A mirage called freedom

The civilised world likes democracy. And it likes freedom. And India would like to think that it is civilised, democratic and free. Unfortunately, these words don’t mean anything unless put in context. And when you do that, the words sound hollow.

Taslima Nasreen has accepted defeat. The Government of India (through Minister for External Affairs Pranab Mukherjee) issued a veiled warning to her – India has never turned back people who have sought shelter with it. And in return, these ‘guests’ have always taken care not to hurt the sentiments of the people or India’s relations with other countries. Not his exact words, but this is more or less what he has said. One can only feel sorry for Nasreen. She has been hounded, and attacked, and pushed into a corner. She could either withdraw the ‘controversial’ passages or find a new place to live. She chose the path of self-preservation. After all, what does one do with freedom of speech if one is dead? To be fair to the government, it did not have any alternative. The way politics works in India, any support to Taslima would have been used as a stick to beat it during the next elections. The Muslim vote is a prize commodity and the prophet is off-limits to anyone and everyone. Even if it were not for the politics, there is always the possibility of losing face if something happened to her.

Well, Nasreen is just one of the victims of India’s ‘hurt sentiments’. The people of a country with a 5000+ year history surely carry a lot of hurt sentiments with them. It seems that time does not heal wounds and neither does it provide wisdom. People find it convenient to use the stick to achieve obedience, and governments and the law find it inconvenient (or impossible) to provide protection to the victim. The ‘saffron groups’ (BJP, RSS, VHP, Shiv Sena, and whichever one will crop up before I finish writing this post) have appointed themselves defenders of Hinduism. Every book, film, play, painting and artistic expression has to pass through their moral and cultural filter before the public can access it. Court decisions are irrelevant because even if a court lifts official bans (ones applied by governments to further their own political motives), these organisations can always enforce an extralegal ban of their own, which people can ignore at their own peril.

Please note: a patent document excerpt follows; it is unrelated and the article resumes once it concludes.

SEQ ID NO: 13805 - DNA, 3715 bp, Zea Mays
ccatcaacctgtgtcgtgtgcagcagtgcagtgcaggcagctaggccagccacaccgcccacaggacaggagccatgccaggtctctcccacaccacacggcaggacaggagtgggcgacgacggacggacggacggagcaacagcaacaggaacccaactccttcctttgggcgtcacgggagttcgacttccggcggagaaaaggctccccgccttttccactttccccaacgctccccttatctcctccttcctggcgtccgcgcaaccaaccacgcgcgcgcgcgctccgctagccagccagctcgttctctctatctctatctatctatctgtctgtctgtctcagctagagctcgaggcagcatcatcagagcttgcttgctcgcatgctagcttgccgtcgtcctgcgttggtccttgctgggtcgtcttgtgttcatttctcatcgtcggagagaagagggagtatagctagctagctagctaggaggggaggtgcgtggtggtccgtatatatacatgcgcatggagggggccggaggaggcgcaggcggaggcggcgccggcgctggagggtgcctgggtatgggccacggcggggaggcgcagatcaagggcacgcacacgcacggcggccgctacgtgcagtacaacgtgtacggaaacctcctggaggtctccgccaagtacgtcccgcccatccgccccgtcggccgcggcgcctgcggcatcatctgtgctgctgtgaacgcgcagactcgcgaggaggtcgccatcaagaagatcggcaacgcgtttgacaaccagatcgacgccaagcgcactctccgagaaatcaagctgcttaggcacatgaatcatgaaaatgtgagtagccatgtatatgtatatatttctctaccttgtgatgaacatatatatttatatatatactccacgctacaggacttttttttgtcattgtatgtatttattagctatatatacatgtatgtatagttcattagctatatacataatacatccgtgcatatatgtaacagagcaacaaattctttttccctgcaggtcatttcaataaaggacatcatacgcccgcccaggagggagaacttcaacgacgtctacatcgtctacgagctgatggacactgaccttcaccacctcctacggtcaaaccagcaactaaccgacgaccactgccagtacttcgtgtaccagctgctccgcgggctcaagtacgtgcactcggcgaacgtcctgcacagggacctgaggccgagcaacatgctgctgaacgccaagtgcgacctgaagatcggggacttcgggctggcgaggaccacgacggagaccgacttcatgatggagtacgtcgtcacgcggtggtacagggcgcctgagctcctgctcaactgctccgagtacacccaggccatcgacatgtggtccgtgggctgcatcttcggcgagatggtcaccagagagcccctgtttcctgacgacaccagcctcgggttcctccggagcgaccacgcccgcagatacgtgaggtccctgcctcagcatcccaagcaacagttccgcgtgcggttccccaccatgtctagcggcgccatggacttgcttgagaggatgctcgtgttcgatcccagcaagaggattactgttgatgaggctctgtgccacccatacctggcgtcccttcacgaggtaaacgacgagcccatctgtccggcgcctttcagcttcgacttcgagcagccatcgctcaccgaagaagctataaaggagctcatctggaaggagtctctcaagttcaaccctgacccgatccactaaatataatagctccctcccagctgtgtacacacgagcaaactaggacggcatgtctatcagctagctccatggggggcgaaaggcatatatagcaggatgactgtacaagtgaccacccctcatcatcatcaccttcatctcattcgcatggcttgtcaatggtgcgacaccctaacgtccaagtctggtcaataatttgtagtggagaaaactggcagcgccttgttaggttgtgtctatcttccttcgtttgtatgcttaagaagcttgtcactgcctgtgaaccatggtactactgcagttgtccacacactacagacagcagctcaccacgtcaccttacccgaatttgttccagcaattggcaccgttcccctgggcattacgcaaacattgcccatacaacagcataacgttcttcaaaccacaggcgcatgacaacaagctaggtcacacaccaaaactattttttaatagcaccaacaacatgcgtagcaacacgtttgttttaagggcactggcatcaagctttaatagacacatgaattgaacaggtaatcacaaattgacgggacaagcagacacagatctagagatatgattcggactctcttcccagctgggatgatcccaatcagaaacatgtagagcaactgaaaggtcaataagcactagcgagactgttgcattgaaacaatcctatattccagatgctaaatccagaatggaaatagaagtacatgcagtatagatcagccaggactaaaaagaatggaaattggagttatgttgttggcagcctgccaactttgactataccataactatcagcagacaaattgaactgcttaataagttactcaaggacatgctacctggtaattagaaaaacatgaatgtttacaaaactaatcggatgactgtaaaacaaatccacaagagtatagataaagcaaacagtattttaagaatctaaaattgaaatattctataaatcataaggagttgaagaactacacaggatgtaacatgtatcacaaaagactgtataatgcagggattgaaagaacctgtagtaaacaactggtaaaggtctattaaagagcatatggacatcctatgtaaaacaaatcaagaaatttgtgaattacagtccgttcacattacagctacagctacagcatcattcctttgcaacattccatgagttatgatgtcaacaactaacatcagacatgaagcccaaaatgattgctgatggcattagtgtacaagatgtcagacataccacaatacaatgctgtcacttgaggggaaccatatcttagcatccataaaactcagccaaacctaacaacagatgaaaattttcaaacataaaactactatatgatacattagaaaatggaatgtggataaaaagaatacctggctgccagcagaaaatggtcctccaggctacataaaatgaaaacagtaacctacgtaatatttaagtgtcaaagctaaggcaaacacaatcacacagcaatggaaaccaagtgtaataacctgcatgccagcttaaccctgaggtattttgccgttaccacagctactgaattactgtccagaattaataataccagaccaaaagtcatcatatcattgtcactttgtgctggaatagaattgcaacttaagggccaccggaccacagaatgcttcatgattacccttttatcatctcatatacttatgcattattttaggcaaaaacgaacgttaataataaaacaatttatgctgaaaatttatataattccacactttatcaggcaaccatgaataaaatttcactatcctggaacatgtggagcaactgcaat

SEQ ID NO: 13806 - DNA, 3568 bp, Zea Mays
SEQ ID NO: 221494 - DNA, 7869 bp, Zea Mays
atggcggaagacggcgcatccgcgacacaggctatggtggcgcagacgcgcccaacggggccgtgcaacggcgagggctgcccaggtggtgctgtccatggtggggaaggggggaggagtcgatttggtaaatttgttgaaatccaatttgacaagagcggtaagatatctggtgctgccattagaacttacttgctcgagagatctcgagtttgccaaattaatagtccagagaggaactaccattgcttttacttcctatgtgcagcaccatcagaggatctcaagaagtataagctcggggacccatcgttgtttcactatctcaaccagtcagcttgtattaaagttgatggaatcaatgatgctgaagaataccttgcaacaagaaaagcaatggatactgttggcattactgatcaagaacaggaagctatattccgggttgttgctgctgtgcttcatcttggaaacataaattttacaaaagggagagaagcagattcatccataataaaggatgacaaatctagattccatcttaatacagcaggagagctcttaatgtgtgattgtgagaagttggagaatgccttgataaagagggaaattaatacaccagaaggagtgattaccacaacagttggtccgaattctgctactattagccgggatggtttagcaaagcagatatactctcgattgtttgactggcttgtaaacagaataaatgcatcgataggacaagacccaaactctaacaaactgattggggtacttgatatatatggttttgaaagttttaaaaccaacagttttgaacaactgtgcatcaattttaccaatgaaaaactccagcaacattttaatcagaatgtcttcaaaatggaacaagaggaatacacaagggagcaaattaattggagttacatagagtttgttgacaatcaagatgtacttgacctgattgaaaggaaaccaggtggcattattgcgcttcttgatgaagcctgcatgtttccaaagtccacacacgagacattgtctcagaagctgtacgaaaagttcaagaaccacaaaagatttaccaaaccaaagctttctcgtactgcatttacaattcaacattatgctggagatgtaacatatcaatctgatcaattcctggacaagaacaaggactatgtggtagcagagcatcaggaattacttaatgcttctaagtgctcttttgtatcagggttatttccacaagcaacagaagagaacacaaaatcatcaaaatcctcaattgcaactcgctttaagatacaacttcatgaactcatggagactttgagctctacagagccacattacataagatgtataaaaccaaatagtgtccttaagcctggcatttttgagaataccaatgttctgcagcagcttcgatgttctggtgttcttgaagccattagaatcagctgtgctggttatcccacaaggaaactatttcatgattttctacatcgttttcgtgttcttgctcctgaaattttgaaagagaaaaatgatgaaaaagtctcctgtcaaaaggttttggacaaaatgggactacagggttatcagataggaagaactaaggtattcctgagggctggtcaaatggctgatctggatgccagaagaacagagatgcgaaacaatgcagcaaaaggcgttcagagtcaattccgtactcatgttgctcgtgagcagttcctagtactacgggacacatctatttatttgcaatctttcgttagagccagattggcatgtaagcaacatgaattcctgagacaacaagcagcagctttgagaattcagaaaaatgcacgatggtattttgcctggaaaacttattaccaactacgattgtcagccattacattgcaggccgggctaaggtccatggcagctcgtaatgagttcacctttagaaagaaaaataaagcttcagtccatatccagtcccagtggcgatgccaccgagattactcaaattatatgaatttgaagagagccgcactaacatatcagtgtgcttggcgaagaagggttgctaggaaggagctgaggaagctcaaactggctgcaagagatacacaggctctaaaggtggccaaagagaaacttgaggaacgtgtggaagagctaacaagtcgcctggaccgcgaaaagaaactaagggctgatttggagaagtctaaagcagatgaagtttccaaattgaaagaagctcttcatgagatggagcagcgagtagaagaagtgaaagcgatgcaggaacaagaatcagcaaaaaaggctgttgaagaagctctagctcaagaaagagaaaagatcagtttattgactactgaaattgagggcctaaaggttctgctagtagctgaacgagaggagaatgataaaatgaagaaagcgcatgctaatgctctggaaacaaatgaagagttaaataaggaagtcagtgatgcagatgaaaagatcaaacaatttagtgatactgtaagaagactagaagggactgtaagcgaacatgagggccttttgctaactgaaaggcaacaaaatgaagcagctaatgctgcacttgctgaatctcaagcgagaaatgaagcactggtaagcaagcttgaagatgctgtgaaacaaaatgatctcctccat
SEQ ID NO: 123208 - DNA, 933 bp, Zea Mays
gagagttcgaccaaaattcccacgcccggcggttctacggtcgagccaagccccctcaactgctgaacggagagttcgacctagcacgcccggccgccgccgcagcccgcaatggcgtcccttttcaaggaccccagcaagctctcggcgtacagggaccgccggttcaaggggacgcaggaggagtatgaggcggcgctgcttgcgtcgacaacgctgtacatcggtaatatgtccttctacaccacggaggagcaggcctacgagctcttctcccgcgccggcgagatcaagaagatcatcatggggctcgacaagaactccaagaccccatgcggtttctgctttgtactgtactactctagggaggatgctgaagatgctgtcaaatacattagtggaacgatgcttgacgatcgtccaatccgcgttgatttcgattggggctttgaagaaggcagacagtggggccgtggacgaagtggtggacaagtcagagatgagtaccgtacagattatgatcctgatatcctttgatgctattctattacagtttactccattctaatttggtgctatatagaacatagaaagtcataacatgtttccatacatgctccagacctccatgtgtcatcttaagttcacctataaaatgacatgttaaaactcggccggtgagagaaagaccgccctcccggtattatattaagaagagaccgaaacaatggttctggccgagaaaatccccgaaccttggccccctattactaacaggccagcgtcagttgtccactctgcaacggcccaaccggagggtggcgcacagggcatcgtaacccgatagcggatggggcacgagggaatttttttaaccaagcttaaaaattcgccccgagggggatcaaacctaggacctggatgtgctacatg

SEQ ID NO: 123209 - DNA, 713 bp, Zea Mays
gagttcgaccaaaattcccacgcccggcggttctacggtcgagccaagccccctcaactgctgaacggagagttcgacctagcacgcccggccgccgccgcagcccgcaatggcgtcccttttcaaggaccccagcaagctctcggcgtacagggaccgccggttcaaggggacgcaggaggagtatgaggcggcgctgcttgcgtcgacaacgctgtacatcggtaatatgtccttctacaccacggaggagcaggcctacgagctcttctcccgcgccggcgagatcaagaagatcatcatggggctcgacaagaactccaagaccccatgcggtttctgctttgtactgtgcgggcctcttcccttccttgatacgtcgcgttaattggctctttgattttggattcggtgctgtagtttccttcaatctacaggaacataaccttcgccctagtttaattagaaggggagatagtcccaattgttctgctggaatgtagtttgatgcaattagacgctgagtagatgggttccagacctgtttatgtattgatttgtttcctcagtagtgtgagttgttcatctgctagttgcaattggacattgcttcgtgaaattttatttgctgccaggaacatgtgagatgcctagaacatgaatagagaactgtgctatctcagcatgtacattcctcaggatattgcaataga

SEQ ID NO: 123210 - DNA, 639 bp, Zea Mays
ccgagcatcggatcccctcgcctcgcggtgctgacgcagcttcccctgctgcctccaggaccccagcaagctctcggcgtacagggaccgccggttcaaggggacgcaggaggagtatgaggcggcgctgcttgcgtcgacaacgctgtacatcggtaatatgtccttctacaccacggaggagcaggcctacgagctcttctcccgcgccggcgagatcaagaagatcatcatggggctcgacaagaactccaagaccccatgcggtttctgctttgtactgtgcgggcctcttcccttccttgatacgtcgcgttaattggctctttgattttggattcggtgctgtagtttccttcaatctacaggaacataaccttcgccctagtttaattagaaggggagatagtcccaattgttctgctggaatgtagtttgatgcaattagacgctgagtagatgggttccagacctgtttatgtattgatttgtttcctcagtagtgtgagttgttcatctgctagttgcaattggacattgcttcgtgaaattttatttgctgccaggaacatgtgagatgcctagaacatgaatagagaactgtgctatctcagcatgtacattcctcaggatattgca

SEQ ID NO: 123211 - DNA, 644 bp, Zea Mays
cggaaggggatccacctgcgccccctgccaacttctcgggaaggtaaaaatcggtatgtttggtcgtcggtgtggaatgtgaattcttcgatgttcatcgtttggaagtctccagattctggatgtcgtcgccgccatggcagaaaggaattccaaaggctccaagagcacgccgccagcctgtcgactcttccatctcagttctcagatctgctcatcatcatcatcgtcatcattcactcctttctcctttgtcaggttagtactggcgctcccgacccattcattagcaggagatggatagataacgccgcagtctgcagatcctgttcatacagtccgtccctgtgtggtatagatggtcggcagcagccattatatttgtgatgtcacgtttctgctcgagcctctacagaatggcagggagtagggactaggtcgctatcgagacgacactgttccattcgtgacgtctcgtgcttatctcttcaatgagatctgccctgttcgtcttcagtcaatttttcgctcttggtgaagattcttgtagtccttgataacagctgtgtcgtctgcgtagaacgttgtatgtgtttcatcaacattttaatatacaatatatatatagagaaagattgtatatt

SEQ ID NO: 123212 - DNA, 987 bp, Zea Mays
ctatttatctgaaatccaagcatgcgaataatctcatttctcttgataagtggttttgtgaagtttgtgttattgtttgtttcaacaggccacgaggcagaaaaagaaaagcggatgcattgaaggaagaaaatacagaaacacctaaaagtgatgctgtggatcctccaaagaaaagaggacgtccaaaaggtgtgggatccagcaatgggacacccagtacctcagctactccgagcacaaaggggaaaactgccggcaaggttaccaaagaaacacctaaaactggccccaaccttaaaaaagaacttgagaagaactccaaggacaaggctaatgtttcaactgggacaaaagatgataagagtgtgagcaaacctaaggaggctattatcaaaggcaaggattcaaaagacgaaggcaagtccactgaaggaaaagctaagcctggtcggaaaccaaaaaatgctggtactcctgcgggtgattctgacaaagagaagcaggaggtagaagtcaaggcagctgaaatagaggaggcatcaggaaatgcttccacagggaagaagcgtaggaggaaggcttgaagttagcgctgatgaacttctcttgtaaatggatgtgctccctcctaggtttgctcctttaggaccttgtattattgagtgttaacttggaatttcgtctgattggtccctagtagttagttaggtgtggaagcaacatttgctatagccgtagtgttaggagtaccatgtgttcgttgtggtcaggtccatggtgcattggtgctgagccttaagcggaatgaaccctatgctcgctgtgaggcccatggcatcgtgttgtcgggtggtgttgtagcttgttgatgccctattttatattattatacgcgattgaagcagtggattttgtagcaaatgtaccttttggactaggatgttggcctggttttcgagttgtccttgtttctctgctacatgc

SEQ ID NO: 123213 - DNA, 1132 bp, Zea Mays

I would so like to say that this problem is limited to one community rather than say that everybody is involved (and appear wishy-washy in the process). But, unfortunately, that is the truth. Dissenting ideas are unwelcome and dissent is treated as an attack on their thought processes or symbols.

To any artist (Indian or non-Indian) working in any field and planning to do absolutely anything India-related or in India, the following guidelines may save you a lot of trouble (and possibly your life):

  1. Never raise any questions on or make unflattering remarks about or show any of the following in bad light –

    • Bharat Mata, Jesus Christ, Prophet Muhammed, Lord Ram, Lord Krishna, any Hindu gods and goddesses, any gods of any other religion practised by more than ten people, any religious symbols.
    • Mahatma Gandhi, Chhatrapati Shivaji, Babasaheb Ambedkar, Periyar Ramasawamy, any other major or minor king or political leader – past or present.
    • Women of the country.
    • Any particular caste or community.
  2. Never draw or write or photograph or capture on film, anything that might even remotely be termed as lascivious or prurient or anything that might not appeal to peoples sensitivities.
  3. Never do anything that might trigger violence between communities and castes.

Salman Rushdie, M.F.Hussain, James Laine, Taslima Nasreen, Deepa Mehta, Khushboo and scores of others have borne the brunt of India’s hurt sensibilities. Not only them, anyone seen to be supporting them in their ‘misdeeds’ are targeted as well – publishers, book stores, theatres, libraries etc. etc. We don’t need to add more victims to that huge list.

However, if you do follow the above guidelines and create a great piece of art, you and your art are more than welcome in India. We would not dream of censoring such art. Censorship does not happen in India. After all, India is civilised, democratic and free.

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Comments

  • you12  On August 31, 2008 at 1:17 am

    Ever thought of changing countries? Because I will.

  • aristotlethegeek  On August 31, 2008 at 1:58 am

    Ever read Atlas Shrugged? Then you will understand it when I say that I am Eddie Willers.

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